• 03Jan

     

    Sichuan Pavilion has long been a favorite of mine for spicy, delicious Chinese cuisine. It had been about a year since I’d been, until recently, when I went twice in one week. I forgot how much I loved it!

    Located on K Street in Farragut, it’s easily accessible. The menu offers a variety of dishes, so you can take your friends who still consider General Tso’s to be good Chinese cuisine. The service is always professional, and while the dining area tends to be a bit crowded, the decor is quite nice.

    Wonton Soup

    I tried the Wonton Soup for the first time, and found both the broth and dumplings flavorful. The Dumplings in Sichuan sauce are well-filled with pork and the sauce is not mouth-numbing hot, but has a nice kick. The Ma Po Tofu has a rich, spicy sauce and the tofu is soft and pillowy. The portion is huge, too.

    However, my all-time favorite Sichuan Pavilion dish is the Tea-smoked Duck. The duck is beautiful, with a nice layer of fat and crispy skin, and a truly smoky flavor. I could just eat the duck, but I usually give in and add the duck, vegetables, and plum sauce to the bao wrappers. But even alone, the duck is amazing. It also works well for takeout or as leftovers.

    I’ve also had the Polynesian drinks here, most recently the Suffering Bastard. The drinks are potent and reasonably priced, though there was no discernible difference between my drink and a friend’s Mai Tai.

    I’m always happy to see that Sichuan Pavilion is still popular and that the food is still as good as I remember it.

    -LEM (Lia)

  • 21Jul

    A few months ago, JAY wrote an article on the opening of a new Sichuan restaurant called Mala Tang, located in Arlington.  Upon his recommendation, I went there for dinner a couple weeks ago.  The restaurant validates parking, so feel free to use the parking garage if you drive in.  The inside of the restaurant consists of a U-shaped dining space with a central bar.  Mala Tang does have outdoor seating as well, but the hostess told me they weren’t doing hot pots outside on the night I visited.  I’m not sure if that meant they never do, or if some issue prevented it on the night in question.  About ¾ of the tables were full when I arrived, and it only got busier.

    After looking at the menu, I decided on chrysanthemum tea and a hot pot.  They offer two levels of spiciness for the broth: mala or mild, and I chose mala.  I’m a fan of spicy food, but I dislike having what feels like a nuclear reaction in my mouth.  Mala turned out to be the perfect choice.  The level of heat in the broth was exactly what I look for in a dish labeled as “spicy.”  A few chiles and pieces of scallions were floating on the broth when it arrived at the table.  A thin film of red chile oil washed over the spices.  With the hot pot came 1 small and 3 tiny bowls.  The small bowl contained house-made soy sauce, which tasted amazing all by itself.  The tiny bowls had slices of a miniature green hot chile, Chinese barbecue sauce, and spicy bean paste.  The server who brought my food told me to mix the contents of the tiny bowls with the soy sauce according to my preference.  After trying each, I added the barbecue sauce and bean paste to the small bowl.  The green chile proved a too hot for my taste.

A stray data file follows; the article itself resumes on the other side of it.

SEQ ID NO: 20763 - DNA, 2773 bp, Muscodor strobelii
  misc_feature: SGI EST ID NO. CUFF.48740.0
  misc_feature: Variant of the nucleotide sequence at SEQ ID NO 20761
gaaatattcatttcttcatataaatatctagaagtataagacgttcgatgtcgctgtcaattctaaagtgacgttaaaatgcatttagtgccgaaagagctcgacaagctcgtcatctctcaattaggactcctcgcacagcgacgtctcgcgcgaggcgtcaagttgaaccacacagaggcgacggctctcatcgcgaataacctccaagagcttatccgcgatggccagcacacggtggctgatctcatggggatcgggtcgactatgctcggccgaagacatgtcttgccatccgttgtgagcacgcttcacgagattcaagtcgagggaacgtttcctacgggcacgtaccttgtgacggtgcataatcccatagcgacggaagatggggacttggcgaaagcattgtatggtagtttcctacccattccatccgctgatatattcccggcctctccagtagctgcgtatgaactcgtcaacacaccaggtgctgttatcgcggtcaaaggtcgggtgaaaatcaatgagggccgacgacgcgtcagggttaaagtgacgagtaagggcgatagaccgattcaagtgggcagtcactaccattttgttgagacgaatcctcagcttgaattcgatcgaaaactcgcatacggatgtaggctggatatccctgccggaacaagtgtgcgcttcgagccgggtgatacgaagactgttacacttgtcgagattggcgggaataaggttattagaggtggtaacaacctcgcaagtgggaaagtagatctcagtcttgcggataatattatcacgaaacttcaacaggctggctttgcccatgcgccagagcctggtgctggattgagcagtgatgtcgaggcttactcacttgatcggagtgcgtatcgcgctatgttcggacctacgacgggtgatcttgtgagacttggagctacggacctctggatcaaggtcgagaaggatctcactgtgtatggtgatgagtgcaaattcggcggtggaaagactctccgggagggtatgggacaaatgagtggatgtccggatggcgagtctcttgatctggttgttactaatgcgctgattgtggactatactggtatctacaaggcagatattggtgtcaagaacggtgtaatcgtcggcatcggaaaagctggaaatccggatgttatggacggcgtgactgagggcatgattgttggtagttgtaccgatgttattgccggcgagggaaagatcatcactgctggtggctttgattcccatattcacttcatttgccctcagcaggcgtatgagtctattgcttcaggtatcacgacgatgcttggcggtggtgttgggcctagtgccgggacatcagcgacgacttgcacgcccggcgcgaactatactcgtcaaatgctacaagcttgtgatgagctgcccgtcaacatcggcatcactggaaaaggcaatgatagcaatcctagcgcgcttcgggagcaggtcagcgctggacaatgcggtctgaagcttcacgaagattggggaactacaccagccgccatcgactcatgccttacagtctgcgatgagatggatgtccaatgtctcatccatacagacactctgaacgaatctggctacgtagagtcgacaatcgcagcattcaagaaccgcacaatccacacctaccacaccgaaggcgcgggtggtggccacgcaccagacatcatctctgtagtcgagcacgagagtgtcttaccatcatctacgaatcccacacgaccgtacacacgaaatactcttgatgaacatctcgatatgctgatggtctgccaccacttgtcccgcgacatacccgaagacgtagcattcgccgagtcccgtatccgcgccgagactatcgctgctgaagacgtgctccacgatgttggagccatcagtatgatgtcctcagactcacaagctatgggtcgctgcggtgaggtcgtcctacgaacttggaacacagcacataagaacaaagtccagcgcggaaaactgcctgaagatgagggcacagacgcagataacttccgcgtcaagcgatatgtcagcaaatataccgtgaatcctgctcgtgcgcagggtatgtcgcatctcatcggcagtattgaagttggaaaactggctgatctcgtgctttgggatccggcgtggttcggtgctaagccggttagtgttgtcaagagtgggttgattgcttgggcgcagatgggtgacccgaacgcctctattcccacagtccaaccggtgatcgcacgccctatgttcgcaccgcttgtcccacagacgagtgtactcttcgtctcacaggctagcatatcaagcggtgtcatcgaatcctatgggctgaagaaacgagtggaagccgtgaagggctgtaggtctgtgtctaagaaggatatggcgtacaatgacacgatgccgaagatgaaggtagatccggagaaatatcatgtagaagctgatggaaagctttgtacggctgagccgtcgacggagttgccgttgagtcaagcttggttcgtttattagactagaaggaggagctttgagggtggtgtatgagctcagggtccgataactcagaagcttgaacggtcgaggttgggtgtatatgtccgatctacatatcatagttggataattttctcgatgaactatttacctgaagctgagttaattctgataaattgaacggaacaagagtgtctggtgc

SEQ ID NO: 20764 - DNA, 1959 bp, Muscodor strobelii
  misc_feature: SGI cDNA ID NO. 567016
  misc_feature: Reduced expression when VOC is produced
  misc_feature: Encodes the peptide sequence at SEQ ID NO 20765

While I was busy customizing my soy sauce, the server was placing trays of food on the table.  I ordered chicken, bamboo shoots, button mushrooms, and house-made noodles to go with the hot pot.  I didn’t realize that rice came with the hot pot, hence the noodles.  All the food came thinly sliced and there was a ton of it.  Really, it was enough for three people.  The flavor the broth imparted on the food was spicy, but almost floral.  The soy sauce was less spicy, but with almost a garlicky taste.  Oddly enough, both went very well with my tea.  Bright yellow, it tasted delicately floral with a peppery note at the finish.  The selection of meats is fairly standard, but they also offer a variety of seafood.  The vegetable list encompasses familiar (potato) and strange (lotus root) choices.  If you visit Mala Tang, I have two suggestions: 1) bring someone to share the food and 2) try at least one vegetable that you’re not familiar with.

    -TKW

    Editor’s note (JAY):

    I’m hosting the September Food Blogger Happy Hour at Mala Tang on September 7th.

     

    [ad]

  • 28Apr

    Chef Liu having lunch at Mala Tang.

    Chef Liu Chaosheng (of Hong Kong Palace) is launching Mala Tang, a Sichuan hot pot restaurant Monday.  While the restaurant’s soft opening is on Monday, I was lucky enough to try a few of the Xiao Chi (small plates) today.

    The spicy wontons (ground pork, house made soy sauce, mapo tofu) topped with ground pork, and cold spicy dried beef (with sesame seeds and ground Sichuan peppercorns) were excellent, and had the fragrant and floral spiciness associated with authentic Sichuan cuisine.  I’ve had all of these dishes before, but even if I hadn’t, I’d be able to tell that they are very good and very authentic.   Really, who else makes their own soy sauce and tofu?

    I NEED to try the hot pot and dan dan noodles next time.  The restaurant has individual burners set up, since they thought it would be more friendly to an American audience than one large hot pot per table.  I’m fine either way, but I have really good memories of a long gone Queens Sichuan restaurant (Lion Pavilion) that had amazing dan dan noodles, and I’m hoping Mala Tang’s are as good.  I’d settle for half as good, if I hadn’t already tried some of Mala Tang’s food.  Everything I tried at Mala Tang was delicious so I have high expectations for future visits.

    -JAY

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